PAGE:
Creating My Own Unique Journalism

I have been thinking a lot lately about the future of journalism, and specifically how it fits into the new digital age. For the last few years I have been attending journalism and technology conferences, where I am told constantly that I need to be doing this social media application or using that tech gadget for reporting the news. I am happy to say that I am "teched up" and ready to take on the cyber news frontier.

But I am also ready to take this to another level professionally.

I have always had an entrepreneurial personality, and had the belief that if you are not getting opportunities from others, you should create your own opportunities. This is one of the reasons why I founded Global Wire Associates. Through my firm, I wanted to help create opportunities for others to take advantage of technology for furthering their own social justice objectives. I am happy to report that we have not only consulted with hundreds of activists worldwide through trainings and on our website in the last six years, but we have also launched a new e-waste awareness campaign.

In our most recent article on the site, we discussed how multimedia content producers are using online video to combat racial discrimination and stereotyping.

Filmmaker Issa Rae also felt that she wasn’t represented as a black woman in mainstream media. After reading yet another article about the lack of African-Americans onscreen, she decided to be the media and do her own online webisodes about being “awkward,” and, thus, the name of her series “The Mis-Adventures of Awkward Black Girl.”

“This is the future, especially for minority content producers on the Internet,” she said in a recent CNN interview. “This is the way to go. There is no gatekeeper. You can release whatever content you want. I think this is the best route to take, honestly.”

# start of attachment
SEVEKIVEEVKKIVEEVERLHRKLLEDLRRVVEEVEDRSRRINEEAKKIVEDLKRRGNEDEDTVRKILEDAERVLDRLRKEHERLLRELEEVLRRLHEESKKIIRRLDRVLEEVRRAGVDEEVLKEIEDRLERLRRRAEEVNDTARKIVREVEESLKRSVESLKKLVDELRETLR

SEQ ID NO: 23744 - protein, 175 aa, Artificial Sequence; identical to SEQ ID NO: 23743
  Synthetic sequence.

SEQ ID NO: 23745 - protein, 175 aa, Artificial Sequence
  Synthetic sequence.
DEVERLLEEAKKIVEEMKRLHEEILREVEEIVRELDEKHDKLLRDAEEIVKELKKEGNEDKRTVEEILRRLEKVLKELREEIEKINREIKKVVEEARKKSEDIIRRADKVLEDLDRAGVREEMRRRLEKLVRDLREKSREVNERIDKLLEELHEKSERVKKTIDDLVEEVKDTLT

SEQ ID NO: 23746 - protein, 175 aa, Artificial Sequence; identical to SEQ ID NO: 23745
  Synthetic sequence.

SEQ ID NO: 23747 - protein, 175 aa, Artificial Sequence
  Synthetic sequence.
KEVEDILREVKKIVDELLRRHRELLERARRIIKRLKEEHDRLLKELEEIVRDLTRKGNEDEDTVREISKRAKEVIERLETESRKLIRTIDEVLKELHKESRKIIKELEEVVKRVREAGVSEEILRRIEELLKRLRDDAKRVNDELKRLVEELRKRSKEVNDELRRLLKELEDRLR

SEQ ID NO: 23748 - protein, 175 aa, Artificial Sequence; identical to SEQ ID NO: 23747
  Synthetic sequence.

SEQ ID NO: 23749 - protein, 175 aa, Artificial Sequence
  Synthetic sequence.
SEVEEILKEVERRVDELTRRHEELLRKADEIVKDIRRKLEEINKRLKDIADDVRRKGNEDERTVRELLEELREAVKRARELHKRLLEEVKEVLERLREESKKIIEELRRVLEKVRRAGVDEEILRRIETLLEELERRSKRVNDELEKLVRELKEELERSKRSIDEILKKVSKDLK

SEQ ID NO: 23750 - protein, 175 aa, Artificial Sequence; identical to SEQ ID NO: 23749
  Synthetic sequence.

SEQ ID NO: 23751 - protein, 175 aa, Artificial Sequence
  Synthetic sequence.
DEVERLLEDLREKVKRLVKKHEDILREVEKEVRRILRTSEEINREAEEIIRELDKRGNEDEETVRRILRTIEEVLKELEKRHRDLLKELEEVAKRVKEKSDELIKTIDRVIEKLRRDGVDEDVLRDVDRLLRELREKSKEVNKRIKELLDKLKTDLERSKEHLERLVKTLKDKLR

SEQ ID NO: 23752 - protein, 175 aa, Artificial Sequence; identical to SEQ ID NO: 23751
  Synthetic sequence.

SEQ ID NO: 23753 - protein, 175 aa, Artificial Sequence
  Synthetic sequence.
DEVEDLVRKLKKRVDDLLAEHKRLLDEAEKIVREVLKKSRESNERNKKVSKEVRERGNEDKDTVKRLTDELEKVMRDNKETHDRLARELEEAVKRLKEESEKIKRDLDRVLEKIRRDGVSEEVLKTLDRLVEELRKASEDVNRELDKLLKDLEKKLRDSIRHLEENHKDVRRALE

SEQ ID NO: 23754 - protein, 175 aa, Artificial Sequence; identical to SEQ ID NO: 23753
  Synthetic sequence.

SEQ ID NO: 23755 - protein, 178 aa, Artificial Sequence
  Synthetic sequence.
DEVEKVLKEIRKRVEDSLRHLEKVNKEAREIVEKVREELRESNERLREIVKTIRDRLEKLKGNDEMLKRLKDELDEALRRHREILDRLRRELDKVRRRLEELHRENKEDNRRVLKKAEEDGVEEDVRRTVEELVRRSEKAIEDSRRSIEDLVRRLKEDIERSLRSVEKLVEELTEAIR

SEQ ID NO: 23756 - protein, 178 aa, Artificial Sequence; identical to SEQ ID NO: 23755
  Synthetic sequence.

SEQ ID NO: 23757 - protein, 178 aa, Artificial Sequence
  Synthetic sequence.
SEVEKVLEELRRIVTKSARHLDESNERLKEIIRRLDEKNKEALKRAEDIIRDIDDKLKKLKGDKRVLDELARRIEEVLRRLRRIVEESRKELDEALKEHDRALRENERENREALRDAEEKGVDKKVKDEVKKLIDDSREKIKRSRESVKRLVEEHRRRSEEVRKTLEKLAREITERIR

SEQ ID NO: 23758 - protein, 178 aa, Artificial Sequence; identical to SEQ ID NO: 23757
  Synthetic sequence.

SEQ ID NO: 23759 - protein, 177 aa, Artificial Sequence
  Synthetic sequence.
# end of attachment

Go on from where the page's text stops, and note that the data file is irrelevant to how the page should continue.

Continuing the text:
This interview made me think more about how I can create more of my own unique journalism. In the last few months, there have been complaints by journalists of color about the lack of diverse anchors in prime-time TV news. While I support the idea of increasing racial diversity in mainstream media, maybe the conversation needs to move towards how media professionals of color can utilize technology for telling their own stories.

The Internet has created so many opportunities for anyone to create their own media empire. There are a growing number of journalists who are going off the beaten path by using social media. Reading a post by British videographer Adam Westbrook and accompanying comments by Filipina journalist Prime Sarmiento have only pushed me to take my own journalistic endeavors further.

I am currently looking to create a way to get more funding for the videos I produce on my YouTube Channel, either through private donations, grant funding or some other business model. In the last couple of years I have fallen in love with videography, I am very interested in doing more social justice storytelling through this medium, but I need money to do it. I also like traveling, meeting new people, learning about different cultures while creating videos and, most importantly, doing more video production training for myself, so I am seeking financial opportunities here too. I have found that although I have had much success in working in mainstream media, nowadays, it is hard for me sometimes to pitch stories that don't have something to do with pop culture or entertainment. And there is a serious lack of mainstream media coverage of hard news issues that affect marginalized communities. I am hoping to fill in the gap with my online video news venture with the right help.

I know this will be a lot of hard work, but I am up for the challenge. I am hopeful about my unique route!

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